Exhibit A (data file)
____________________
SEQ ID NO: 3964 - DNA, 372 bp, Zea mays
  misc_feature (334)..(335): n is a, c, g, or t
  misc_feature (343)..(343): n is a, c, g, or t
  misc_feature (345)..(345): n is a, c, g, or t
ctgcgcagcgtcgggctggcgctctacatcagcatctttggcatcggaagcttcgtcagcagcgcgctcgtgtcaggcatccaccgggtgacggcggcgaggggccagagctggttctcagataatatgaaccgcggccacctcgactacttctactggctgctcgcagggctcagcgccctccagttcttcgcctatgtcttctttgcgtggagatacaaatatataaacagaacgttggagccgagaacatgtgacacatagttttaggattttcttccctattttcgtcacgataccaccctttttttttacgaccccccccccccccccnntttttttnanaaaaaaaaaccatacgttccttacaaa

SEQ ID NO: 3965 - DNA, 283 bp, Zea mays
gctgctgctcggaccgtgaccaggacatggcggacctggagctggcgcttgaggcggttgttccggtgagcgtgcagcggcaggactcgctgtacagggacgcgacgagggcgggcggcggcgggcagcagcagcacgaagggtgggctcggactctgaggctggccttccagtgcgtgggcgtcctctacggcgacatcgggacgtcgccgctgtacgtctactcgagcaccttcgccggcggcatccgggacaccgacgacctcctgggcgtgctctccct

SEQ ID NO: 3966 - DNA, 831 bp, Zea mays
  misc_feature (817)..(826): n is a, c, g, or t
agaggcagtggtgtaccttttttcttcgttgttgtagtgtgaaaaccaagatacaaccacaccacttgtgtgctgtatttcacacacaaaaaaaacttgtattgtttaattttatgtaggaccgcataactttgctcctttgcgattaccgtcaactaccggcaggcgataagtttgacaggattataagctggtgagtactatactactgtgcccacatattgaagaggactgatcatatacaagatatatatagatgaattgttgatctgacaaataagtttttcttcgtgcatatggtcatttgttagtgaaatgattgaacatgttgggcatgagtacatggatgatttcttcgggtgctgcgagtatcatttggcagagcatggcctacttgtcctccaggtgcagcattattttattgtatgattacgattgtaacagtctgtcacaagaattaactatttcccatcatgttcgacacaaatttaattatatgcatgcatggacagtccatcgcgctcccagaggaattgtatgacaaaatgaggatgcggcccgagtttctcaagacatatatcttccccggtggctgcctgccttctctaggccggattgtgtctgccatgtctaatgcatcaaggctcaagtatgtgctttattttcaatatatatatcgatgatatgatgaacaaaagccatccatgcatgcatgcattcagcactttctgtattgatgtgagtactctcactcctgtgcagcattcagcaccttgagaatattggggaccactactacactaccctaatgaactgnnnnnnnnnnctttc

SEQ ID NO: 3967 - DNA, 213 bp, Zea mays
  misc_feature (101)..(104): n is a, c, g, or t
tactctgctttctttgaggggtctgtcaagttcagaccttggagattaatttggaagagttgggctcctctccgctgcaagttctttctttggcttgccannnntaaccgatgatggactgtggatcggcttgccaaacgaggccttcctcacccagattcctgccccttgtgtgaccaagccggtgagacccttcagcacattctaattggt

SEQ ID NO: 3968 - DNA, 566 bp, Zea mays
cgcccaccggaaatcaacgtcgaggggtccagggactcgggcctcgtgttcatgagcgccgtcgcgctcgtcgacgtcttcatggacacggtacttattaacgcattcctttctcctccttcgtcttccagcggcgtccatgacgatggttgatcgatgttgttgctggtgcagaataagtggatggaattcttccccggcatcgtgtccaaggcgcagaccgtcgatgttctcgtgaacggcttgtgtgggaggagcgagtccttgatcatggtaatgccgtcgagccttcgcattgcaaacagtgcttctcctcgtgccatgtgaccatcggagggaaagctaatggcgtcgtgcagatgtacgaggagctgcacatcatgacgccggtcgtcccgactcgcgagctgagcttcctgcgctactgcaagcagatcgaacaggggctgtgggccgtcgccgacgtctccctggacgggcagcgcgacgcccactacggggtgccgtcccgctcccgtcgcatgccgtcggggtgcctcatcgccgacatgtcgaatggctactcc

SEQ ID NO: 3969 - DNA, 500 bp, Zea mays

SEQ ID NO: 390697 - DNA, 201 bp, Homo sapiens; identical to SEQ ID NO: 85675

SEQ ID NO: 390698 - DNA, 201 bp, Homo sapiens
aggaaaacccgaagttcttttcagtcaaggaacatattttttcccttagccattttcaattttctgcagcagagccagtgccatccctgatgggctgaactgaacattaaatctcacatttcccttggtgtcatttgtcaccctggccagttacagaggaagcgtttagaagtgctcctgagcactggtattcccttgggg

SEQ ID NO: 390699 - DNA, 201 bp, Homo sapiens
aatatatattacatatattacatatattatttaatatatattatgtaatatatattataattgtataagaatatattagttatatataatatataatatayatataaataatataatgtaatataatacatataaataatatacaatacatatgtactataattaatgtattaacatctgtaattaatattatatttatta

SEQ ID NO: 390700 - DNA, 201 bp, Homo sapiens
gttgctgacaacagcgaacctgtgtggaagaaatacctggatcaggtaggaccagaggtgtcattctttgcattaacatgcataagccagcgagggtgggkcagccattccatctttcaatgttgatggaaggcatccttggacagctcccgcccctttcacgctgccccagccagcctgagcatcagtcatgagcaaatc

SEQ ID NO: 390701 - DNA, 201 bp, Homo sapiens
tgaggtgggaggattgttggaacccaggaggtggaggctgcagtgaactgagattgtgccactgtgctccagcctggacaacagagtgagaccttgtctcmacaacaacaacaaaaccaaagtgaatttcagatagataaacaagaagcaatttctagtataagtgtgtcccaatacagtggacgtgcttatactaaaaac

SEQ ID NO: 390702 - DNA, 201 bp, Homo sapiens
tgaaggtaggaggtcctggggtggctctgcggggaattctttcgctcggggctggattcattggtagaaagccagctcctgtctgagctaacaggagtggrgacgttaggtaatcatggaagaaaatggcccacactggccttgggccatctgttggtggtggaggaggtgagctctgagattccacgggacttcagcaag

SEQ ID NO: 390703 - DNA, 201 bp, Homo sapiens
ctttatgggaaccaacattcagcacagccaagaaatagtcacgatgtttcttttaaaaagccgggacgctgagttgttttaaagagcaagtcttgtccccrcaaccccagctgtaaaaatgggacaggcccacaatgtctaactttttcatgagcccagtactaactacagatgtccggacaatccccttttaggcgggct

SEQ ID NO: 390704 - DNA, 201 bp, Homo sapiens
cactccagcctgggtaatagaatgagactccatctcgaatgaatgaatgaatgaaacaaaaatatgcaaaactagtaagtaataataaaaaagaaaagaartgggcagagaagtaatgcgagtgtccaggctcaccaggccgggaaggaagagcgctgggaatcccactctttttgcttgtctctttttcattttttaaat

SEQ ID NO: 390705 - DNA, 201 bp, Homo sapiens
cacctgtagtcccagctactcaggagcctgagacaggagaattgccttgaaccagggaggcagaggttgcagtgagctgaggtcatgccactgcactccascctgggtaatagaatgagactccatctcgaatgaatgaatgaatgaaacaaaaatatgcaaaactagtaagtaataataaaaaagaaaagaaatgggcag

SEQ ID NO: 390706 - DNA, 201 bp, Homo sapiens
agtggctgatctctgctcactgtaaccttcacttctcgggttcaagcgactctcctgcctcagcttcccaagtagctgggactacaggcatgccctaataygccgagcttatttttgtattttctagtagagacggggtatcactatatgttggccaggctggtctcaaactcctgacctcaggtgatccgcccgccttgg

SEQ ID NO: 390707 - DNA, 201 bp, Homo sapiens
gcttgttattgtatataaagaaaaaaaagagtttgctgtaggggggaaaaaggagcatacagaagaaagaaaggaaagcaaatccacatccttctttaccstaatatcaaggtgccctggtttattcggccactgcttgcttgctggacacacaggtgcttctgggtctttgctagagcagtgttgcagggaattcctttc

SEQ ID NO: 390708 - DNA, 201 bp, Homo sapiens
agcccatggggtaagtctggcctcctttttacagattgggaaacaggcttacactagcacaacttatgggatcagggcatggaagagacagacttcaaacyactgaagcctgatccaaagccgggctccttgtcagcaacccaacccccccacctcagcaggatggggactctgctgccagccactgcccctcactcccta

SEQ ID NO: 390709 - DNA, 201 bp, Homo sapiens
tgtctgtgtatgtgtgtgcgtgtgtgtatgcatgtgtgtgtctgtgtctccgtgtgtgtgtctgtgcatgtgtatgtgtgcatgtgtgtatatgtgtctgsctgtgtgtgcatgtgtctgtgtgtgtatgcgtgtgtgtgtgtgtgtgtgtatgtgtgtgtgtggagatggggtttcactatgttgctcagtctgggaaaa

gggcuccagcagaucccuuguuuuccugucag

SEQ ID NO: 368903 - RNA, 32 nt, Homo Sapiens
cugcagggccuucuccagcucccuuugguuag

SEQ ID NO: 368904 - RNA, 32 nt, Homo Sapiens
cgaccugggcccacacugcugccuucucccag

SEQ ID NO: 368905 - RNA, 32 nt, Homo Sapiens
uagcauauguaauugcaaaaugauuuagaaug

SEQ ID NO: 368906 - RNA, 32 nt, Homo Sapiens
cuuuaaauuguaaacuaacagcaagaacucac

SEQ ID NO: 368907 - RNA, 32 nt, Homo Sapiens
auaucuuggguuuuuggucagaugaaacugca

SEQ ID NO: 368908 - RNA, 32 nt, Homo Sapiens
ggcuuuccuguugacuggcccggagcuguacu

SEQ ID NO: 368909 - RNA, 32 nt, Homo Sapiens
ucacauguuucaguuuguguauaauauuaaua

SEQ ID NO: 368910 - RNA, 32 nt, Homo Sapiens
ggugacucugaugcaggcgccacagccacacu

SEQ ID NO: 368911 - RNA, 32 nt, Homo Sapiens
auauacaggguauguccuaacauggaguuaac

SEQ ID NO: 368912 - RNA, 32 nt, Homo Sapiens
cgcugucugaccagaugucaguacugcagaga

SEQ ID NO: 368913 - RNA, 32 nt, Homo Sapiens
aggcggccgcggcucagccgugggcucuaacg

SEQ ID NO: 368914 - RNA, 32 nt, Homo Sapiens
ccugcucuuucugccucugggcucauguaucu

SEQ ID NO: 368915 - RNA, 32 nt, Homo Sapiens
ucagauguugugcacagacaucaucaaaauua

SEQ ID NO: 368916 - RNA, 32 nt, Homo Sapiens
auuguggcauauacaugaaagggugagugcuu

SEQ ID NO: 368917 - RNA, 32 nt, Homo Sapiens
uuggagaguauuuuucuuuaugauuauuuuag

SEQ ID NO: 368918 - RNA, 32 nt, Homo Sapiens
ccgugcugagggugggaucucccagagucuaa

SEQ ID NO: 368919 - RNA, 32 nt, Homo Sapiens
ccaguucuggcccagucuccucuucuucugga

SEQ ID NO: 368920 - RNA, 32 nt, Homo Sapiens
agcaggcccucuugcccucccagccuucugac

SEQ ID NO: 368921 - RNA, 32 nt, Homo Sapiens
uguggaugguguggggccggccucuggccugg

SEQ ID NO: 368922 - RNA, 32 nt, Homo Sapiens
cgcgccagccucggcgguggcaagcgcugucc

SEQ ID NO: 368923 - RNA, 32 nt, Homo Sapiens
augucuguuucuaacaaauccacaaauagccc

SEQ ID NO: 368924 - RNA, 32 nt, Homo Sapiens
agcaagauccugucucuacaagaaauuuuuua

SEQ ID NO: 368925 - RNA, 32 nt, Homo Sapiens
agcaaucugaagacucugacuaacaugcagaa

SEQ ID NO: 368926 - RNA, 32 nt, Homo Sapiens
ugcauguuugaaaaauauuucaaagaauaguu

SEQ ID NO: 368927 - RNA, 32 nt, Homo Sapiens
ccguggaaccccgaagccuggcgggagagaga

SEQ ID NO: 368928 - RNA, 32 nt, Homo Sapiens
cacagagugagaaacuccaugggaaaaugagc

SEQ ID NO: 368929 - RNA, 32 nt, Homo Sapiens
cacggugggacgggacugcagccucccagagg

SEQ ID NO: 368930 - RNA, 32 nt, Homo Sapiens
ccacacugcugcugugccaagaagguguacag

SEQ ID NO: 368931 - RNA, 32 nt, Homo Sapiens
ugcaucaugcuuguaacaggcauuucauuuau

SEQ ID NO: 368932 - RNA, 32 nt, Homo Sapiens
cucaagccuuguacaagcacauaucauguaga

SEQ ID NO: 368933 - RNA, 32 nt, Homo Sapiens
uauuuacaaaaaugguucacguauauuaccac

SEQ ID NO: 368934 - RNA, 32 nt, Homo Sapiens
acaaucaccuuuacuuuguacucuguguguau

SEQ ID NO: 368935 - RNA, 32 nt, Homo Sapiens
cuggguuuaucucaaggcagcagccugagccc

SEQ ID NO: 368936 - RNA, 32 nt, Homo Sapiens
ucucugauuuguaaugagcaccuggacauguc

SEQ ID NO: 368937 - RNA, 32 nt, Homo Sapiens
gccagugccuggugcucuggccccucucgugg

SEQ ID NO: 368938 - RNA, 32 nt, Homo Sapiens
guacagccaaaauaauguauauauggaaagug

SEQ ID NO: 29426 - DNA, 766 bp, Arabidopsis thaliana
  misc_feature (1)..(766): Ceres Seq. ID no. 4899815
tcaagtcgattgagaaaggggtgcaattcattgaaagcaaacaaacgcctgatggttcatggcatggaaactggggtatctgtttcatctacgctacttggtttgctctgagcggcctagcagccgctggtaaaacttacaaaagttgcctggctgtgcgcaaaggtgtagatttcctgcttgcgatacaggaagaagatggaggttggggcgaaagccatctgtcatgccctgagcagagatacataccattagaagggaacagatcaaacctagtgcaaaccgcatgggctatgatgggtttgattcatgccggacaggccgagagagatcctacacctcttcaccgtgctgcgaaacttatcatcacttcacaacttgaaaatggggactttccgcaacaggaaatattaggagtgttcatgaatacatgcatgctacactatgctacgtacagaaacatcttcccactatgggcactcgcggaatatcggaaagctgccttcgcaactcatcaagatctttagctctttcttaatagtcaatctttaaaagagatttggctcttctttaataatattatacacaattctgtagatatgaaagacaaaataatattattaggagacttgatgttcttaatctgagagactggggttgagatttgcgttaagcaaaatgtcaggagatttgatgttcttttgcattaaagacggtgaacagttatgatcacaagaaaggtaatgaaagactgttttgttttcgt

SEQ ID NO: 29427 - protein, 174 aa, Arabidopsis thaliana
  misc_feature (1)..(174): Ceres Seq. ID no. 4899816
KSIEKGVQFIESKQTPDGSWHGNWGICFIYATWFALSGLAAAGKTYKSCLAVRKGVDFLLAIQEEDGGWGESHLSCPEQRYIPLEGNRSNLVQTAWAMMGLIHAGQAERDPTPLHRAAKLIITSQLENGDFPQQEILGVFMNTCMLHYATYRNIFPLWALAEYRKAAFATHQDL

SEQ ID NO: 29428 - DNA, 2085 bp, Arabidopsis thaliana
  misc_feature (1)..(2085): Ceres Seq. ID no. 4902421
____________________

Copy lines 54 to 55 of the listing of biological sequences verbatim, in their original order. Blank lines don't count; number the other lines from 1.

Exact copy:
ggcuuuccuguugacuggcccggagcuguacu

SEQ ID NO: 368909 - RNA, 32 nt, Homo Sapiens